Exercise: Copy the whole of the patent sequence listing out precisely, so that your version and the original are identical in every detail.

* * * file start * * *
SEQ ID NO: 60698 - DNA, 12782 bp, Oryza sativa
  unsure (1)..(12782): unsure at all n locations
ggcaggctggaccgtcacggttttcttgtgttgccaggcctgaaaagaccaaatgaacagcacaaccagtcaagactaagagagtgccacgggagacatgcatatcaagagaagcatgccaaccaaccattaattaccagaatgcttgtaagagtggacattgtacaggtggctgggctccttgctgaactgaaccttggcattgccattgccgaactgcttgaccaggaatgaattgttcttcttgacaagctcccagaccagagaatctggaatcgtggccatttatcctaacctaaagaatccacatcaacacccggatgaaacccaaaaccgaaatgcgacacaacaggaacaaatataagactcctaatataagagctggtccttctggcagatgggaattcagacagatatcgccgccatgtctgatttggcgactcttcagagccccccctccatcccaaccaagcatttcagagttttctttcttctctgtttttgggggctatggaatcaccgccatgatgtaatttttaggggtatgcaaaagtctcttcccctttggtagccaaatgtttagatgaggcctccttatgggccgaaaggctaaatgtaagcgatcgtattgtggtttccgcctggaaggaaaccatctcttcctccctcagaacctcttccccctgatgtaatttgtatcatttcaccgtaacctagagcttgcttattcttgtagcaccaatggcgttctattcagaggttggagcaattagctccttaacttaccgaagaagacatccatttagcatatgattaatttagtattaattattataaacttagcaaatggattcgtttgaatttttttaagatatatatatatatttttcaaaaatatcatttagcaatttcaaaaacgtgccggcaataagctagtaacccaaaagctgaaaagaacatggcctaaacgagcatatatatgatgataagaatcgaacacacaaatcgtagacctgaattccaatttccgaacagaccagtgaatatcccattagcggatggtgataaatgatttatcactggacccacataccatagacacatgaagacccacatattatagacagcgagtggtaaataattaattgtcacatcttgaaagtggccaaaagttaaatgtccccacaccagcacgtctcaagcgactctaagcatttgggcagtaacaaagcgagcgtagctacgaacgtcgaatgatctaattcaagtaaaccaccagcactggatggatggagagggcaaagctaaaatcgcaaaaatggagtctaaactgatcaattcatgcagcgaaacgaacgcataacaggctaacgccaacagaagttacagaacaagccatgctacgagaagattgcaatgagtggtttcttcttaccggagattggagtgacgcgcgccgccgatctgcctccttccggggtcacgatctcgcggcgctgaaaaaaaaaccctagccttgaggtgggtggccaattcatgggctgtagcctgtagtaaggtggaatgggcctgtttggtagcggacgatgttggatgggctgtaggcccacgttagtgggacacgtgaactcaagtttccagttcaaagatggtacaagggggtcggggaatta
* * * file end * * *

SEQ ID NO: 60698 - DNA, 12782 bp, Oryza sativa
  unsure (1)..(12782): unsure at all n locations
ggcaggctggaccgtcacggttttcttgtgttgccaggcctgaaaagaccaaatgaacagcacaaccagtcaagactaagagagtgccacgggagacatgcatatcaagagaagcatgccaaccaaccattaattaccagaatgcttgtaagagtggacattgtacaggtggctgggctccttgctgaactgaaccttggcattgccattgccgaactgcttgaccaggaatgaattgttcttcttgacaagctcccagaccagagaatctggaatcgtggccatttatcctaacctaaagaatccacatcaacacccggatgaaacccaaaaccgaaatgcgacacaacaggaacaaatataagactcctaatataagagctggtccttctggcagatgggaattcagacagatatcgccgccatgtctgatttggcgactcttcagagccccccctccatcccaaccaagcatttcagagttttctttcttctctgtttttgggggctatggaatcaccgccatgatgtaatttttaggggtatgcaaaagtctcttcccctttggtagccaaatgtttagatgaggcctccttatgggccgaaaggctaaatgtaagcgatcgtattgtggtttccgcctggaaggaaaccatctcttcctccctcagaacctcttccccctgatgtaatttgtatcatttcaccgtaacctagagcttgcttattcttgtagcaccaatggcgttctattcagaggttggagcaattagctccttaacttaccgaagaagacatccatttagcatatgattaatttagtattaattattataaacttagcaaatggattcgtttgaatttttttaagatatatatatatatttttcaaaaatatcatttagcaatttcaaaaacgtgccggcaataagctagtaacccaaaagctgaaaagaacatggcctaaacgagcatatatatgatgataagaatcgaacacacaaatcgtagacctgaattccaatttccgaacagaccagtgaatatcccattagcggatggtgataaatgatttatcactggacccacataccatagacacatgaagacccacatattatagacagcgagtggtaaataattaattgtcacatcttgaaagtggccaaaagttaaatgtccccacaccagcacgtctcaagcgactctaagcatttgggcagtaacaaagcgagcgtagctacgaacgtcgaatgatctaattcaagtaaaccaccagcactggatggatggagagggcaaagctaaaatcgcaaaaatggagtctaaactgatcaattcatgcagcgaaacgaacgcataacaggctaacgccaacagaagttacagaacaagccatgctacgagaagattgcaatgagtggtttcttcttaccggagattggagtgacgcgcgccgccgatctgcctccttccggggtcacgatctcgcggcgctgaaaaaaaaaccctagccttgaggtgggtggccaattcatgggctgtagcctgtagtaaggtggaatgggcctgtttggtagcggacgatgttggatgggctgtaggcccacgttagtgggacacgtgaactcaagtttccagttcaaagatggtacaagggggtcggggaatta